• By 2 years, height and weight are only 95 percent the height and weight of children in more industrialized countries.
      • Chronically malnourished during infancy later score lower on IQ tests and tend to do less well in school. These effects may linger even after diet has improved substantially.
    • United States and Malnutrition
      • In the United States, some 12 million children live in poverty, which puts them at risk for malnutrition. In fact, although overall poverty rates are no worse than they were 20 years ago, the poverty rate for children under the age of 3 has increased. Some one-quarter of families who have children 2 years old and younger live in poverty.
    • When Malnutrition Is Severe
      • Marasmus - a disease in which infants stop growing. Marasmus, attributable to a severe deficiency in proteins and calories, causes the body to waste away and ultimately results in death.
      • Kwashiorkor - Older children are susceptible to kwashiorkor , a disease in which a child’s stomach, limbs, and face swell with water.
    • Nonorganic Failure to Thrive
      • Infants receive sufficient nutrition but are deprived of attention and stimulation.
      • Symptoms include underdevelopment, listlessness, and apathy and usually occurs by age 18 months.
      • Reversal possible through intensive parent training or removal to emotionally supportive environment.
    • Infants and Obesity
      • There is no clear correlation between obesity during infancy and obesity at the age of 16 years, some research suggests that overfeeding during infancy may lead to the creation of an excess of fat cells, which remain in the body throughout life and may predispose a person to be overweight.
      • Also, weight gain during infancy is associated with weight at age 6 and weight at age 6 is associated with adult obesity.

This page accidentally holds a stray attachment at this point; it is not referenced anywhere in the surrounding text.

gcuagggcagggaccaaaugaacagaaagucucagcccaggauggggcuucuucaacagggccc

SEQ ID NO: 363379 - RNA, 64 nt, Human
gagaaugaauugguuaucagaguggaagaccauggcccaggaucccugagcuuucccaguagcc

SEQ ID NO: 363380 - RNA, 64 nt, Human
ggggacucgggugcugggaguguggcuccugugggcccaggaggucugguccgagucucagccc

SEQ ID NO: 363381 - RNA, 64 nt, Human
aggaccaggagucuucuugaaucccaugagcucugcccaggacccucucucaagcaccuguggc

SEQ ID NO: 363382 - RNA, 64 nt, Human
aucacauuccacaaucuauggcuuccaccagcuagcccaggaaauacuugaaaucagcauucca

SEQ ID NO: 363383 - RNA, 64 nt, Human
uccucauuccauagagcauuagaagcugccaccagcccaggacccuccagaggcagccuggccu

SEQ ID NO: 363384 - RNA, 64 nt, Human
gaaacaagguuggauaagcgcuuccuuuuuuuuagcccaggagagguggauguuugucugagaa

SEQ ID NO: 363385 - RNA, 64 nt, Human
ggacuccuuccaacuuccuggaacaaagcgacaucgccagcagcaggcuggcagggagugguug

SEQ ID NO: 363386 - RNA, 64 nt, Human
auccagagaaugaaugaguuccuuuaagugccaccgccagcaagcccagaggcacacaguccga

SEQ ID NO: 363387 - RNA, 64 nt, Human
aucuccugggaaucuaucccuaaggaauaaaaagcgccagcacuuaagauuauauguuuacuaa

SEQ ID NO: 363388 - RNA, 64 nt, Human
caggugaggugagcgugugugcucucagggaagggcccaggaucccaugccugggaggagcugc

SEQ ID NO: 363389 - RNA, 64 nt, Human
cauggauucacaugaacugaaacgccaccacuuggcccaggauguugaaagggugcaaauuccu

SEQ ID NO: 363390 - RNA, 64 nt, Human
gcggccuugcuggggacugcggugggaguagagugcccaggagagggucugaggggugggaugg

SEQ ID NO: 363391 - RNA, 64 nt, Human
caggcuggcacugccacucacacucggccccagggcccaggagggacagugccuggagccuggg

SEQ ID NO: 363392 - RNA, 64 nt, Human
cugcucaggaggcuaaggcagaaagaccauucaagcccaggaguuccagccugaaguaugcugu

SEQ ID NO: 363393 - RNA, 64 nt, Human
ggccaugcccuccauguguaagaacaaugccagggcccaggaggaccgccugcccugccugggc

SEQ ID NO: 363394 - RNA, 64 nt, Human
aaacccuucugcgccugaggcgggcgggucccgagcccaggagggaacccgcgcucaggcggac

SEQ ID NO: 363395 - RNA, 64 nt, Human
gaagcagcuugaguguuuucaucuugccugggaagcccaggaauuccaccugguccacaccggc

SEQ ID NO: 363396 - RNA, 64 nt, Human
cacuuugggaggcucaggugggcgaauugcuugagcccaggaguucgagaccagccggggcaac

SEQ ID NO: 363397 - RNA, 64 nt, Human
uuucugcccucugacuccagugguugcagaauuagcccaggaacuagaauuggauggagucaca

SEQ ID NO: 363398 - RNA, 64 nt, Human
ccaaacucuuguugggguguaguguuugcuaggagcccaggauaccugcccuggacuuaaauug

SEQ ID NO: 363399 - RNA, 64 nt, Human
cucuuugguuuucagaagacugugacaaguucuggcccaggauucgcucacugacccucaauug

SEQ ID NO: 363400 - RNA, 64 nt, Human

• Breast-feeding
      • Starting around the 1940s, the general belief among child care experts was that breast-feeding was an obsolete method that put children unnecessarily at risk.
        • Bottle-feeding argument: parents could keep track of amount of milk their baby was receiving and could ensure that child was taking in sufficient nutrients. Use of the bottle was also supposed to help mothers keep their feedings to rigid schedule of one bottle every 4 hours, the recommended procedure at that time.
        • Mothers who breast-fed their babies could never be certain just how much milk their infants were getting.
    • Breast-feeding (cont.)
      • Breast-feeding argument: For first 12 months of life, there is no better food for an infant than breast milk.
      • Breast milk not only contains all the nutrients necessary for growth, but it also seems to offer some degree of immunity to a variety of childhood diseases, such as respiratory illnesses, ear infections, diarrhea, and allergies.
      • Breast milk is more easily digested than cow’s milk or formula, and it is sterile, warm, and convenient for the mother to dispense.
      • There is even some evidence that breast milk may enhance cognitive growth, leading to high adult intelligence. Babies are more responsive to touch.
      • For mother, may have lower rates of ovarian cancer and breast cancer prior to menopause. Hormones produced during breast-feeding help shrink uteruses of women following birth, enabling their bodies to return more quickly to a prepregnancy state. Hormones also may inhibit ovulation, reducing (but not eliminating!) chance of becoming pregnant, and thereby helping to space birth of additional children.
      • Conclusion – Breast is Best!
    • Introducing Solid Foods
      • Solids can be started at 6 months but are not needed until 9 to 12 months (AAFP)
        • Introduced gradually, one at a time
        • Can be canned baby food or made at home
        • Order to give foods – remember one at a time to determine if allergies exist:
          • Cereal
          • strained and pureed fruits
          • strained or pureed vegetables
          • strained or pureed meats